The abandoned hut that we were living in was at the base of the Central Hillock, around which most of the kill had taken place. It was not really a hillock, it was more of a low plateau (called dang in Rajasthan). These dangs rise abruptly from flat ground and have sandstone ridges running almost continuously along their edges. At places, small and short-lived streams have eroded deep, long and narrow gorges that are locally known as Khoh. Such a terrain is very typical of the Aravalis hill ranges. This dang was a fantastic place. There was one barely motorable track, with very few side tracks, running across its and the two ends of this track was the only way one could take a 4 wheel drive up the dang. There was a small and old temple of Lord Shiva (picture below), that attracted a few visitors every day and this temple was one of the few places that had water on top.
Our first task was to drive along the main track and all its sidetracks with a GPS. That gave us a great orientation to the whole place. The forest department had planted two “cage traps” on top of the dang near the beginning of two different khos. The “cage traps” are 8 feet by 3 feet (or so) cages made of steel bars (see the picture below). One of the two entry gates (at either end of the cage) would slide up and be help in place by a small trigger, so that the cage would be open. The base of the cage was a steel plate that was spring loaded so that if any medium weight animal went inside the cage the base plate would release the trigger holding the gate up and the gate would slide down, trapping the animal. A bait, usually a goat, would be tied inside the cage. These traps were heavy contraptions that took a lot of effort to set up.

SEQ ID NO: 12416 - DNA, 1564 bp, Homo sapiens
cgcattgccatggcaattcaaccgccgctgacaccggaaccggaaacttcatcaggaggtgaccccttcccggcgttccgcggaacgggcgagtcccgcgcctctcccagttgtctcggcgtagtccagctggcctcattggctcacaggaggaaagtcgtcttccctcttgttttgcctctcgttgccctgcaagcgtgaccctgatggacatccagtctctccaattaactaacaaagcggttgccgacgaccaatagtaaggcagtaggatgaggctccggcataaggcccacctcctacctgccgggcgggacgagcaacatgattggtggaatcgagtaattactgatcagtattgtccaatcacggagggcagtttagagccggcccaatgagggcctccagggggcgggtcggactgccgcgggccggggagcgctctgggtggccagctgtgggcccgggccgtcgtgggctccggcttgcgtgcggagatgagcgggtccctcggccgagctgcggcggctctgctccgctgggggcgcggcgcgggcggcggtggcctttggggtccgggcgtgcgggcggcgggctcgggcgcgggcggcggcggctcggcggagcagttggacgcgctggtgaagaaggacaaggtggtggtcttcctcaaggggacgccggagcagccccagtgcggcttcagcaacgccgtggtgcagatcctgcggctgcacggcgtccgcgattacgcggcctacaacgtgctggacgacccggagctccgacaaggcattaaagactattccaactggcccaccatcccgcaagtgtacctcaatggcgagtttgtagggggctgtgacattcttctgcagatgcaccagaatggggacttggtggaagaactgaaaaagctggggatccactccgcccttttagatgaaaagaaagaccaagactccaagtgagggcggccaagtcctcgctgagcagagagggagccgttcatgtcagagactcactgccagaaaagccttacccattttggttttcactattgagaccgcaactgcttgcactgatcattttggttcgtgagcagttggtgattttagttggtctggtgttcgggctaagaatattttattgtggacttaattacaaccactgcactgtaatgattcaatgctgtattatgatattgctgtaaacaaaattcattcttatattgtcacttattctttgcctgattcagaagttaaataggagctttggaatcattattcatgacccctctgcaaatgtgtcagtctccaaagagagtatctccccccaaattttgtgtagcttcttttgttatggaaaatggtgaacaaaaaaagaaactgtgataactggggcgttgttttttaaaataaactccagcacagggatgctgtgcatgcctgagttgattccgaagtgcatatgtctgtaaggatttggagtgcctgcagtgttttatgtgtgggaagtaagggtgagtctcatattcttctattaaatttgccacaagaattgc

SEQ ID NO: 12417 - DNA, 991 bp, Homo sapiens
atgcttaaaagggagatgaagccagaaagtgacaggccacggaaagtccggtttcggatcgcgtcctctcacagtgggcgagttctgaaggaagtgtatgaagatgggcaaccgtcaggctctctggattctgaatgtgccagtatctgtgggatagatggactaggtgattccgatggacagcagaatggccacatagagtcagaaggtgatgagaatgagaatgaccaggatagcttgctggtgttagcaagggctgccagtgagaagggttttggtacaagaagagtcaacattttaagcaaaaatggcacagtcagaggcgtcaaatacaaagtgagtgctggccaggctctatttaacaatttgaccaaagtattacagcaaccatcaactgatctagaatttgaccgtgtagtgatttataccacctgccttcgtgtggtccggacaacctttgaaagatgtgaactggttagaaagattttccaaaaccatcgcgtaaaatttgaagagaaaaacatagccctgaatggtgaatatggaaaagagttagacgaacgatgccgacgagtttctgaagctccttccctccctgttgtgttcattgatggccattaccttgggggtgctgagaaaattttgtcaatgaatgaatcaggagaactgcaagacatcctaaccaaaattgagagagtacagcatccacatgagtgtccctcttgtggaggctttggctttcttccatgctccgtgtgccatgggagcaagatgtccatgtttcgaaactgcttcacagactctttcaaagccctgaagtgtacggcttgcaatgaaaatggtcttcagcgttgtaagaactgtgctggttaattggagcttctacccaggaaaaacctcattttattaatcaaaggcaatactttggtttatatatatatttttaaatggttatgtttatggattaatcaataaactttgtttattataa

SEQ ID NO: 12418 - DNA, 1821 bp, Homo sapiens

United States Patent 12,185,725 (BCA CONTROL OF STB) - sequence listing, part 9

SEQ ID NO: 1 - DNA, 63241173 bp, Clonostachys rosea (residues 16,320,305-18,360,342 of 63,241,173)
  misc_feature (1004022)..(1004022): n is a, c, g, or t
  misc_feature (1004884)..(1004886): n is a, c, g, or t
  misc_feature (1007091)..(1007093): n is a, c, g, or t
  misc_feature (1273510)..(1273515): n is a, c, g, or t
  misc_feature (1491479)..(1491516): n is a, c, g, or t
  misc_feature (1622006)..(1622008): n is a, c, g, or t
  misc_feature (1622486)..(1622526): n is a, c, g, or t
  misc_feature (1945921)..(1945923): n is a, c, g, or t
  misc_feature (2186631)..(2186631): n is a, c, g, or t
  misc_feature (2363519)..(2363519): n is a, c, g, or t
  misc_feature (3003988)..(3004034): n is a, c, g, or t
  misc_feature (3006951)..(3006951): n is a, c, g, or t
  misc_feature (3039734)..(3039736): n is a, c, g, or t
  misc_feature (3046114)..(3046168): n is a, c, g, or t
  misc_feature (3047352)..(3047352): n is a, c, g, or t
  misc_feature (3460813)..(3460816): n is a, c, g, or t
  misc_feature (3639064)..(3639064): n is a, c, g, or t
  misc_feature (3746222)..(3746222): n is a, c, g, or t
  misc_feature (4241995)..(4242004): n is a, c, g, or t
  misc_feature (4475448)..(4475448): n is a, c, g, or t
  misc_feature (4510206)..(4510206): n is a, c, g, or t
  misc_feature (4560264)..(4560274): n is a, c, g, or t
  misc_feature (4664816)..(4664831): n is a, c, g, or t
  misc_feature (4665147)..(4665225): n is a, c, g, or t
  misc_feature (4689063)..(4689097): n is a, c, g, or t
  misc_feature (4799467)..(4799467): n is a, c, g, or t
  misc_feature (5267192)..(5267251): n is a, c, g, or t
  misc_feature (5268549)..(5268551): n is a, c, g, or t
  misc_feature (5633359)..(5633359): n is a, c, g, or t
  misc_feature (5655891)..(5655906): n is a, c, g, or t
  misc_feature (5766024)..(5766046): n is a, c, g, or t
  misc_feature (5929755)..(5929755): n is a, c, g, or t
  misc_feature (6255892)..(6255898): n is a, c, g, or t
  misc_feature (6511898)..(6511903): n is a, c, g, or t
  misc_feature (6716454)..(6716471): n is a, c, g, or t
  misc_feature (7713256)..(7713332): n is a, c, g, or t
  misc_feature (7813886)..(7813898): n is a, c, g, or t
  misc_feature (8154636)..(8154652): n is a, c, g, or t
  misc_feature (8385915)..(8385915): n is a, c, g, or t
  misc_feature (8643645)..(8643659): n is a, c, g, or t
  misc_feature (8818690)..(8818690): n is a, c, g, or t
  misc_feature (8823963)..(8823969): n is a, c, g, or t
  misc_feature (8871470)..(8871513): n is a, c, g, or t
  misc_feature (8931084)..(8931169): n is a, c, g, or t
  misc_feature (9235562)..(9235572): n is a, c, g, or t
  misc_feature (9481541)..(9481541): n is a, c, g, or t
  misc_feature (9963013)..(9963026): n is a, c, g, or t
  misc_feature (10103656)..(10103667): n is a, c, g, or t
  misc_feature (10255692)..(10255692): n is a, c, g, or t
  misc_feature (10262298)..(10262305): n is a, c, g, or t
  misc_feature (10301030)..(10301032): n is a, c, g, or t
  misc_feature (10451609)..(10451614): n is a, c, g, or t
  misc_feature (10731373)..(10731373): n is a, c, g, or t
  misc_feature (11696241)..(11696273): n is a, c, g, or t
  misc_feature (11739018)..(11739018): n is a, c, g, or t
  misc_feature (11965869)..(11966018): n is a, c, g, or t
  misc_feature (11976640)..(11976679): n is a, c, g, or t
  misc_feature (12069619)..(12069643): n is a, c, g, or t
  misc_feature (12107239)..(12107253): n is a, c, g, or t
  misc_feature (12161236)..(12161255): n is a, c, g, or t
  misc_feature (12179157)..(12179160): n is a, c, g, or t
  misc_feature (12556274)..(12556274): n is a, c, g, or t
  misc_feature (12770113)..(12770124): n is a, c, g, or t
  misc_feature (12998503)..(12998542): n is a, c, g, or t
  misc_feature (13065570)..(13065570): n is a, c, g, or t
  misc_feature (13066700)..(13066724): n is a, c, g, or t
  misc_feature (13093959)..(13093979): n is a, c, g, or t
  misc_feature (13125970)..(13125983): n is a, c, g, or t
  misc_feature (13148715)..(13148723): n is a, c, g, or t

The forest guards and officers told us that leopard used to walk right along the traps but would not enter even though they knew that there was a goat inside the trap. We soon saw pugmarks of a leopard, we believed it was a male, all around one of the traps. He had climbed up from the kho and walked right along the gate of the trap towards the temple. We took plaster casts of his pugmarks for record. All the forest officials in India believe that different individual leopards (and tigers) can be identified by their pugmarks. Sounds good but it does not work at all, unless the cat has an obvious deformity. Well this cat did have one. The pugmarks were large and we thought that it was a male. On the ground there were slight signs of the right rear foot being dragged. It was very minor but it was there. Later on the District Forest Officer and his assistant told us that even they had noticed this slight drag on two different occasions. We were convinced that this was a large and old male leopard, who had a slight injury in one of his foot and was limping a bit. We also came across at least two different set of pugmarks that were much smaller than the pugmarks of this limping male leopard. Some local people told us that two years ago they had often seen a female leopard with two nearly full-grown cubs. We were sure that there were at least three different leopards, if not four.
For the first few days we did come across pugmarks regularly but that was it. We kept ourselves very busy – exploring the local flora and whatever wildlife we came across (most of it was micro fauna).